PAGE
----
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TECH TIP: Dynamic Documents with R and knitr


I spent this evening at a very enjoyable and educational event with the Los Angeles Area R Users Group (data science) Meetup. As I’ve mentioned in prior Field Reports, this group has well very thought-out presentations and well-chosen presenters. There were two separate presentations for tonight. The first talk was by Josh Wiley, senior analyst at Elkhart Group Ltd., who told us how to prepare dynamic documents allowing for results and graphs from analyses to be dynamically embedded in documents. The need for dynamic documents is to facilitate reproducible research results since you can publish the dynamic documents for other researchers to use in reviewing and reproducing your experimental results. The knitr package allows R code to be written along with documents in many formats such as markdown, LaTeX, and HTML.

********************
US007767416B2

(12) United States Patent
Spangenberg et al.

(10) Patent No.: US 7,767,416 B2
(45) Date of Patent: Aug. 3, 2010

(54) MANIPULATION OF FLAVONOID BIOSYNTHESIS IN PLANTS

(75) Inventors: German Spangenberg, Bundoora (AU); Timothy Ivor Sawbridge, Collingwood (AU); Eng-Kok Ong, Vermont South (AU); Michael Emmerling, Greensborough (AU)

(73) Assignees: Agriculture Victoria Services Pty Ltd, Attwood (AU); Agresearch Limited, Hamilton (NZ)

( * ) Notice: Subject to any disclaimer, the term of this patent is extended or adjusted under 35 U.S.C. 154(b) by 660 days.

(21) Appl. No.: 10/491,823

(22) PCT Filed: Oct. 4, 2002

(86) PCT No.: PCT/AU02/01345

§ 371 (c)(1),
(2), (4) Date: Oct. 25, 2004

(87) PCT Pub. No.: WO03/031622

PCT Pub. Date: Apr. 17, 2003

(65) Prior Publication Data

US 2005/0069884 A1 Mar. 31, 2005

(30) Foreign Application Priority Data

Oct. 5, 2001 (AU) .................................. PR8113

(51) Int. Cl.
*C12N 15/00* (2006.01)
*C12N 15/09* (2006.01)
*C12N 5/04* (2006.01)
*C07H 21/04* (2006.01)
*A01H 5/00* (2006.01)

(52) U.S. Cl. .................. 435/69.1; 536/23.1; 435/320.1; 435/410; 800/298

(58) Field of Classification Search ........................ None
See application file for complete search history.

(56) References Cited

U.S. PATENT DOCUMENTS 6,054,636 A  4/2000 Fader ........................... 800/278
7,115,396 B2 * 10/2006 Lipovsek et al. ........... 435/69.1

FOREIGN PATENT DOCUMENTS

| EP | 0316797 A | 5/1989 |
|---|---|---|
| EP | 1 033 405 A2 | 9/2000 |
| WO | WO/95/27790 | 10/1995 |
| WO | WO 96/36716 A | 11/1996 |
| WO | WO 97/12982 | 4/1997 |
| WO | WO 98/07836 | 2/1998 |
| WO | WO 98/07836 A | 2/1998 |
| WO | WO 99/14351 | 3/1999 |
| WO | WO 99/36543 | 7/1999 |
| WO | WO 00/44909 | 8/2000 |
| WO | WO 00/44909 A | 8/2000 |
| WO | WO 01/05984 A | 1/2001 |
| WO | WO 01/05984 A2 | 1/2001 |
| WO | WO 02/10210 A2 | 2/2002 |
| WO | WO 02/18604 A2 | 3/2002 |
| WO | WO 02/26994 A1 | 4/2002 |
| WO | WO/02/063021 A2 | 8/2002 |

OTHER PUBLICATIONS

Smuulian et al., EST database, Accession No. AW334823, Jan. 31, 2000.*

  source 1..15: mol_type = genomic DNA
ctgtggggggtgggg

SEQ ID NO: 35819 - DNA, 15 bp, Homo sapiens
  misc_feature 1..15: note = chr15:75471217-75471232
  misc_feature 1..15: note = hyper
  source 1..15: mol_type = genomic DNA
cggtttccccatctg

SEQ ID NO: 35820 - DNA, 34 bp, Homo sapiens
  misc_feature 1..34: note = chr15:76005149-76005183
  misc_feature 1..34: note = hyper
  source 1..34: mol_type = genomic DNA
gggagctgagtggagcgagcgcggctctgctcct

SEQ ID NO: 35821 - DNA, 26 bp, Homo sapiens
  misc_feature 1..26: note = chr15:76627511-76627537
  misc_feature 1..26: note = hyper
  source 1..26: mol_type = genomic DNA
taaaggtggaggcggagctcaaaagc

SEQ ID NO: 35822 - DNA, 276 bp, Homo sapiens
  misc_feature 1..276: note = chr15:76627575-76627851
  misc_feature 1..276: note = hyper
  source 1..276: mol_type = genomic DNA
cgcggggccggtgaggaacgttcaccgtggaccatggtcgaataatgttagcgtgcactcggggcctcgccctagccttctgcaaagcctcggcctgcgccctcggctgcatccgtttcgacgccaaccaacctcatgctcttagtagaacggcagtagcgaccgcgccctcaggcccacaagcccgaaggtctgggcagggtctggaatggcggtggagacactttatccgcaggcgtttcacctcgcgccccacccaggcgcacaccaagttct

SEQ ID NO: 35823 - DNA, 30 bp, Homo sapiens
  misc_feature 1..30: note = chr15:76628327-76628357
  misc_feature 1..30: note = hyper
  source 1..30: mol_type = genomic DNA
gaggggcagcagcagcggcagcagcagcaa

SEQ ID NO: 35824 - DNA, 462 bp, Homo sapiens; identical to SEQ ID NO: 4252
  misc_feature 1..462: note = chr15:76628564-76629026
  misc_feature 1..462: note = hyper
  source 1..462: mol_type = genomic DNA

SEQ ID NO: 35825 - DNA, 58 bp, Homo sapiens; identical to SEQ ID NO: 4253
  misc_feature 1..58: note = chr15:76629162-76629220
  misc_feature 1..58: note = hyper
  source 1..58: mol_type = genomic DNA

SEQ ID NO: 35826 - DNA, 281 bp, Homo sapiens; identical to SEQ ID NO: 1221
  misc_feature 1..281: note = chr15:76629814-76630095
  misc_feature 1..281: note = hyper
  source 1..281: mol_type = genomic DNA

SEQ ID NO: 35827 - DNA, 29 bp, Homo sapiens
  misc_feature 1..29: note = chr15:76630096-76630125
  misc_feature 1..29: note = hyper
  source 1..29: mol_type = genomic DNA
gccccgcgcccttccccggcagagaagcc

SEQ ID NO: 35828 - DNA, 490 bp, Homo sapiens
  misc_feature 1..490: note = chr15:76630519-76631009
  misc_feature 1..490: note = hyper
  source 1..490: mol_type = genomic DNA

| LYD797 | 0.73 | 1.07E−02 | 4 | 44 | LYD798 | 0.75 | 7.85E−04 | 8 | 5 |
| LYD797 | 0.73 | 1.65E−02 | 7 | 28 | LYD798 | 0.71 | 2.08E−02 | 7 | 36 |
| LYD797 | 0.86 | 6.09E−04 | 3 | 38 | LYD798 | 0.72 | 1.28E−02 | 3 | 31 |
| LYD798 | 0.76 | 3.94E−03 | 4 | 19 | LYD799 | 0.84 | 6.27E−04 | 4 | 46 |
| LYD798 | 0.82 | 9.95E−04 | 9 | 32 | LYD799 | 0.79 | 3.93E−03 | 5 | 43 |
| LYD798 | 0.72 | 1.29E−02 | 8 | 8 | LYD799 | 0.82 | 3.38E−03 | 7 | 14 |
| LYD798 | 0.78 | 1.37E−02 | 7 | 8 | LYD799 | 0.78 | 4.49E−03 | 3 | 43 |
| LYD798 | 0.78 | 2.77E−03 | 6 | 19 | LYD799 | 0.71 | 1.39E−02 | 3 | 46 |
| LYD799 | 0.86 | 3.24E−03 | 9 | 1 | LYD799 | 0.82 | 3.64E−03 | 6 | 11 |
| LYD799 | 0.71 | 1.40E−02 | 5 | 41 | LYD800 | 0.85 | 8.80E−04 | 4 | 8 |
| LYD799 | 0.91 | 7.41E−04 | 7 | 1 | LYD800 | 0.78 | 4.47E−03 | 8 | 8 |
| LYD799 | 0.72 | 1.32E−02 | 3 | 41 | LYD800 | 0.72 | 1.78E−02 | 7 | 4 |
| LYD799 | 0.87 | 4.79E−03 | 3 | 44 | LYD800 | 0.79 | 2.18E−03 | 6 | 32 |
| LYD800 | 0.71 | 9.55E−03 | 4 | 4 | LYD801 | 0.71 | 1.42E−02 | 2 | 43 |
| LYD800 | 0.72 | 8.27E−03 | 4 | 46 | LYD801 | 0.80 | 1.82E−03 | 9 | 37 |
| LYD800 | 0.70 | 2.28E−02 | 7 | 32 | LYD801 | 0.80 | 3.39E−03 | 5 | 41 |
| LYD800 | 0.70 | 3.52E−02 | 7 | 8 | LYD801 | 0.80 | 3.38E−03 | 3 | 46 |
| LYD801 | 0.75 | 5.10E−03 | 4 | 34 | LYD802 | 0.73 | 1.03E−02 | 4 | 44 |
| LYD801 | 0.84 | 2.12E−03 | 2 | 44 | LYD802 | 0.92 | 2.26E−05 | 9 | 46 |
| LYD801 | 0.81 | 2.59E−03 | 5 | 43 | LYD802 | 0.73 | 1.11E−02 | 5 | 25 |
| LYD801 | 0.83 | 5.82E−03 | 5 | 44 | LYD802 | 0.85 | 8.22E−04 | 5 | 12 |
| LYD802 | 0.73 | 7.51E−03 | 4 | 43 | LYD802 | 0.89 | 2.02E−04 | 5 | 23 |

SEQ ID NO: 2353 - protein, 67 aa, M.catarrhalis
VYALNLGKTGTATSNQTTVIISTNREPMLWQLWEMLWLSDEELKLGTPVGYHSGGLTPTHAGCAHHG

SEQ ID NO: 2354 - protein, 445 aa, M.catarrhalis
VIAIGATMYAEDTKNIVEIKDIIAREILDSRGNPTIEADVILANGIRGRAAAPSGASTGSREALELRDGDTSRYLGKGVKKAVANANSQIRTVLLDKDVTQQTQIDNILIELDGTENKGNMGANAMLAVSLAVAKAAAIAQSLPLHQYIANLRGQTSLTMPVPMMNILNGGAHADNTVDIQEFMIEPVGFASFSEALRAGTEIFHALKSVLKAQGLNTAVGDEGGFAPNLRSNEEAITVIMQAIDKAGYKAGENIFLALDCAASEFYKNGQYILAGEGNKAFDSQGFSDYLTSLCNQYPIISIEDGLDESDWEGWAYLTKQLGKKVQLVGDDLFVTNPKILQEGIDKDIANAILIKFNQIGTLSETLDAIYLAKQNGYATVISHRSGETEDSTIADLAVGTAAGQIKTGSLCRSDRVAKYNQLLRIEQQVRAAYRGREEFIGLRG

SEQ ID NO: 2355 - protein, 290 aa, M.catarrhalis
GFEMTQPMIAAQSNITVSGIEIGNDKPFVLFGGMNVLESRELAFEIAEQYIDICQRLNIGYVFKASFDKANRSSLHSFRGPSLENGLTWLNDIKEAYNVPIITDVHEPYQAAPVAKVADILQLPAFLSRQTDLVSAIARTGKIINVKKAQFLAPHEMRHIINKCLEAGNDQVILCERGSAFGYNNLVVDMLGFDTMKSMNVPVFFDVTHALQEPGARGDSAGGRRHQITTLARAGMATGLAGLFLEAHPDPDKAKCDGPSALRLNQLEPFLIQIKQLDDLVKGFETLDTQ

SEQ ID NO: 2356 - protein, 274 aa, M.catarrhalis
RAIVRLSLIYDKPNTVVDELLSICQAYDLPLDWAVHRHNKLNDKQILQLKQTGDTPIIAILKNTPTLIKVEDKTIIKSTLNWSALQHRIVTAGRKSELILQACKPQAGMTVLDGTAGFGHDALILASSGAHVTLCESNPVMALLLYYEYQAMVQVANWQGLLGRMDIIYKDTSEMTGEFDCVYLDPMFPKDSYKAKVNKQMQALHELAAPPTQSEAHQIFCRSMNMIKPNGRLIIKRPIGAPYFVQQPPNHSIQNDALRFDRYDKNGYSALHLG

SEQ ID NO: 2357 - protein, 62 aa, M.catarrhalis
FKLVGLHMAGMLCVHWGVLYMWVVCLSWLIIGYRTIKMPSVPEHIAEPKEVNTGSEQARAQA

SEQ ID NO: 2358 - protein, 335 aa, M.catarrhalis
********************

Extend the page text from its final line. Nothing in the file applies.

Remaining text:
Dynamic documents reduce human error copying and pasting results, save time when updating numbers and graphs, and make code more comprehensible by embedding it with the document where it is used. I have not personally used dynamic documents but I do see the need for this process and I will give it a try sometime soon.

The second talk tonight was by Jeremy Miles, quantitative psychologist at the RAND Corporation, whose presentation was “Let’s do statistics backwards: Structural Equation Modeling in R.” Structural equation modeling (SEM) is a powerful tool for testing complex hypotheses. In SEM you start with a model (represented in a path diagram) and test it on the data; rather than the more common starting with the data and developing a model. SEM requires that you do statistics backwards. But SEM allows you to think about models in different ways, and test complex hypotheses that cannot (easily) be tested using other methods. In this talk, Jeremy explained why you should be excited about SEM. His slides can be downloaded HERE.

I encourage all budding data scientists to seek out and join your local Meetup groups in this and related fields so you can enjoy meeting like-minded people and learn new techniques as much as I do. Please report back here with your experiences.




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